Wednesday, October 11, 2017

The Problem of Forgiveness

"If we confess our sins, he is faithful and just and will forgive us our sins and purify us from all unrighteousness" (1 John 1:9).

It may seem strange to speak of a “problem” of forgiveness. After all, as Christians don’t we rejoice in our forgiveness, freely given to us in and by Jesus Christ our Savior? Certainly we do. Yet all of us from time to time have problems with this free forgiveness.

One problem we have is that we don’t clearly focus on the difference between objective forgiveness and feelings of forgiveness. Yesterday we saw that there is a difference between true moral guilt and guilt feelings. Similarly, there is a difference between objective forgiveness and feelings of forgiveness.

Sometimes people feel forgiven when in fact they are not forgiven because they have not confessed their sin to God. For the Christian the reverse is often the problem. We want to feel a certain way—to have an experience of release from guilt feelings—before we will accept the fact that we are objectively forgiven. In fact, though, if we have confessed our sin, God has forgiven us, and that is true whether we feel it or not.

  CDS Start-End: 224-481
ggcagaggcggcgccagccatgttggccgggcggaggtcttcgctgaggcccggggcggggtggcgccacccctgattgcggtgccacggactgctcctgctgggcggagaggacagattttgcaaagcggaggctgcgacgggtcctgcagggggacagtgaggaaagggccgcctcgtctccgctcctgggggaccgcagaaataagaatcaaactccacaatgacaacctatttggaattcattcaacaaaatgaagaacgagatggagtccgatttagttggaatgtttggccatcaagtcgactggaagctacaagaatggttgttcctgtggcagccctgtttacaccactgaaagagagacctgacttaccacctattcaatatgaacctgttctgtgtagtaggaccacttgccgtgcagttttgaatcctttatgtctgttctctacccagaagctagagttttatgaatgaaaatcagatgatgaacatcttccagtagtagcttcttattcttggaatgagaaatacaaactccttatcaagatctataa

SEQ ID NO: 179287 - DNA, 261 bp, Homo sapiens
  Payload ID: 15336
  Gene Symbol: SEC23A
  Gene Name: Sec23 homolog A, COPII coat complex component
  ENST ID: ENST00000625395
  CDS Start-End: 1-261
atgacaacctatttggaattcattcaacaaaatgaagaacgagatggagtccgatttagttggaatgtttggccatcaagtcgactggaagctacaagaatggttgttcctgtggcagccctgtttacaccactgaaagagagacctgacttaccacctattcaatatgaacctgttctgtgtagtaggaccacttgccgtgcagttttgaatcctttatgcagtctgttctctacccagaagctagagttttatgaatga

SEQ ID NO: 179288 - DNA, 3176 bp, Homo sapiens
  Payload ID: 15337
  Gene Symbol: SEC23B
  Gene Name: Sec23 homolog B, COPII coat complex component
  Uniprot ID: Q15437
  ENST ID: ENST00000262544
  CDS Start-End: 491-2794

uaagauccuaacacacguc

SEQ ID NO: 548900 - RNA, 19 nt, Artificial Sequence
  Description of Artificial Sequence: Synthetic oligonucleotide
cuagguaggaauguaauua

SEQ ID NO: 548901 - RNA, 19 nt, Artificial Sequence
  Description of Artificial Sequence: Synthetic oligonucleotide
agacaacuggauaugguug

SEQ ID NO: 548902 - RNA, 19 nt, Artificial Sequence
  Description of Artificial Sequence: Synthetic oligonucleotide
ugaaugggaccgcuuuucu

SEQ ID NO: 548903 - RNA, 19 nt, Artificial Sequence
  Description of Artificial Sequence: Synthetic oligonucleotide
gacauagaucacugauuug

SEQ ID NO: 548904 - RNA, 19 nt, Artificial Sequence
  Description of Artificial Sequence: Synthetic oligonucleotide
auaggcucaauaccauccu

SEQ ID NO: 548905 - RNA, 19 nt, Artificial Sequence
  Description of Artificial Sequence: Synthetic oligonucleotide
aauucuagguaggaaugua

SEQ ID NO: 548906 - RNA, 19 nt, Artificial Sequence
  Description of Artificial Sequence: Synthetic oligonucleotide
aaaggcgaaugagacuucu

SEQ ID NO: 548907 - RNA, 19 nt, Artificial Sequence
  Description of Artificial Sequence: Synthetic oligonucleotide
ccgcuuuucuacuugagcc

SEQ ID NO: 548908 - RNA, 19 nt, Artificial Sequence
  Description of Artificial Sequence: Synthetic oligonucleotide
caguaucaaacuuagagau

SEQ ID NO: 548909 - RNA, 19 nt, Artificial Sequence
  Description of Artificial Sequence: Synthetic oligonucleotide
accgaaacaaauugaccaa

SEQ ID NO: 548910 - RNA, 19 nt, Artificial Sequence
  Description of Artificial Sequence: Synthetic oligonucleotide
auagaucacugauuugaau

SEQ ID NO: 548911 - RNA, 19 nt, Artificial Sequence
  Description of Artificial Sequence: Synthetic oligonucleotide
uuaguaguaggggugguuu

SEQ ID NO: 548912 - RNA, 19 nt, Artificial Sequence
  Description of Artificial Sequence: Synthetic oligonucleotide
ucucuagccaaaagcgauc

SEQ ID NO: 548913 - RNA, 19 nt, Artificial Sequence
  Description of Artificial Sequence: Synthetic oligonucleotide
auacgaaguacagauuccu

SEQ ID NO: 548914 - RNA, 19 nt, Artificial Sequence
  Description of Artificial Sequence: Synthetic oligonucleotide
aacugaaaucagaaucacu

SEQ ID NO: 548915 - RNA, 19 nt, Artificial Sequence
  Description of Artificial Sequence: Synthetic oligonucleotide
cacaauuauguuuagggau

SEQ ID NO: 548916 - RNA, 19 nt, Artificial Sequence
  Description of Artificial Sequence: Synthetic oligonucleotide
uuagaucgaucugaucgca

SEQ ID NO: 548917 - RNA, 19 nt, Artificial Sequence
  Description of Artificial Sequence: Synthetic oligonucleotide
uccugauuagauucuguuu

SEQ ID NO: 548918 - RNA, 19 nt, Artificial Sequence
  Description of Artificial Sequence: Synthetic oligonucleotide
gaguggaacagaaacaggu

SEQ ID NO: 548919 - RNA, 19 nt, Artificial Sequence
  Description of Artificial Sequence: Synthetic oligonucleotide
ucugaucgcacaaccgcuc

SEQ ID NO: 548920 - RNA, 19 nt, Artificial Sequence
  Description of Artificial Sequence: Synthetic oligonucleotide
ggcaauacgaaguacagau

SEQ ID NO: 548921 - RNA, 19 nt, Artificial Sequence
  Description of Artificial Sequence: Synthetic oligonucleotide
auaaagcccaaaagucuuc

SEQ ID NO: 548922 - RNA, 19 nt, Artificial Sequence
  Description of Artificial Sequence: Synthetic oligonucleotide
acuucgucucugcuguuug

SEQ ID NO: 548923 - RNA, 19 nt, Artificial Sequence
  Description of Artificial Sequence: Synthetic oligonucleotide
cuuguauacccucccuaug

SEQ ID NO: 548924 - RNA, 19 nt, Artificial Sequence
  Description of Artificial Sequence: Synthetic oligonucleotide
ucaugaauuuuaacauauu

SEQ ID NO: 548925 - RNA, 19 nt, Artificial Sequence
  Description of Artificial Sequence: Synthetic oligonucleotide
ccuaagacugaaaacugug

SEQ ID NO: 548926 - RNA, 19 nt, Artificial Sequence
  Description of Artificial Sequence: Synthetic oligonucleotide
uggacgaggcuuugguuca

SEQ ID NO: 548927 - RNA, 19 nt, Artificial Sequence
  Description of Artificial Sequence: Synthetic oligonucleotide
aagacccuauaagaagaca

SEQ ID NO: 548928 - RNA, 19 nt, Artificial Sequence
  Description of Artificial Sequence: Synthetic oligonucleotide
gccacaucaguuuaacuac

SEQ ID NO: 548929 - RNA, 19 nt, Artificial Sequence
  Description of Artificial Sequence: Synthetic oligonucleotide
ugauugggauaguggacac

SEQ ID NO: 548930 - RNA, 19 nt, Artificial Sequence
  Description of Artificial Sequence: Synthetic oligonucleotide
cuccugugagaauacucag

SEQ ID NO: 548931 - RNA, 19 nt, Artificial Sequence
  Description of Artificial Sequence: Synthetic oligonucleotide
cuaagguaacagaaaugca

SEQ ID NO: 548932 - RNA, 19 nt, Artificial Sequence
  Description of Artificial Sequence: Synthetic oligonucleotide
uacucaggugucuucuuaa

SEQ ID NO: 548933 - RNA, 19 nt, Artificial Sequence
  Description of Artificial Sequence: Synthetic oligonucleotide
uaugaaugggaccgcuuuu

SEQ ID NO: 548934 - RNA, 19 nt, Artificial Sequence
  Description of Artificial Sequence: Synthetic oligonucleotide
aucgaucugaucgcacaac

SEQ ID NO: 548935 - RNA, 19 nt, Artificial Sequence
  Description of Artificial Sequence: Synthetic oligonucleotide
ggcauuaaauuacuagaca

The second problem Christians have with forgiveness can be illustrated by a story. A man once told me that he had confessed a sin to God over and over again, and yet he did not feel forgiven. I told him that he needed to confess a different sin: the sin of arrogance. He needed to confess the fact that he had arrogantly refused to accept God’s objective forgiveness, which God had already given him. All of us are proud, and so there is a part of us that does not want to receive a completely free forgiveness. It is humbling to have to admit that there is absolutely nothing I can do about my own sin.

If we worry that maybe God has not forgiven us after we have confessed our sin, that worry can turn into a second sin of disbelief. Does today’s lesson describe any area in your life? If so, go to your knees now and tell God that you believe His Word despite nagging feelings to the contrary, and that you accept His forgiveness. If doubts come to your mind during the day, argue with yourself from 1 John 1:9. God’s Word is true; our hearts are often liars.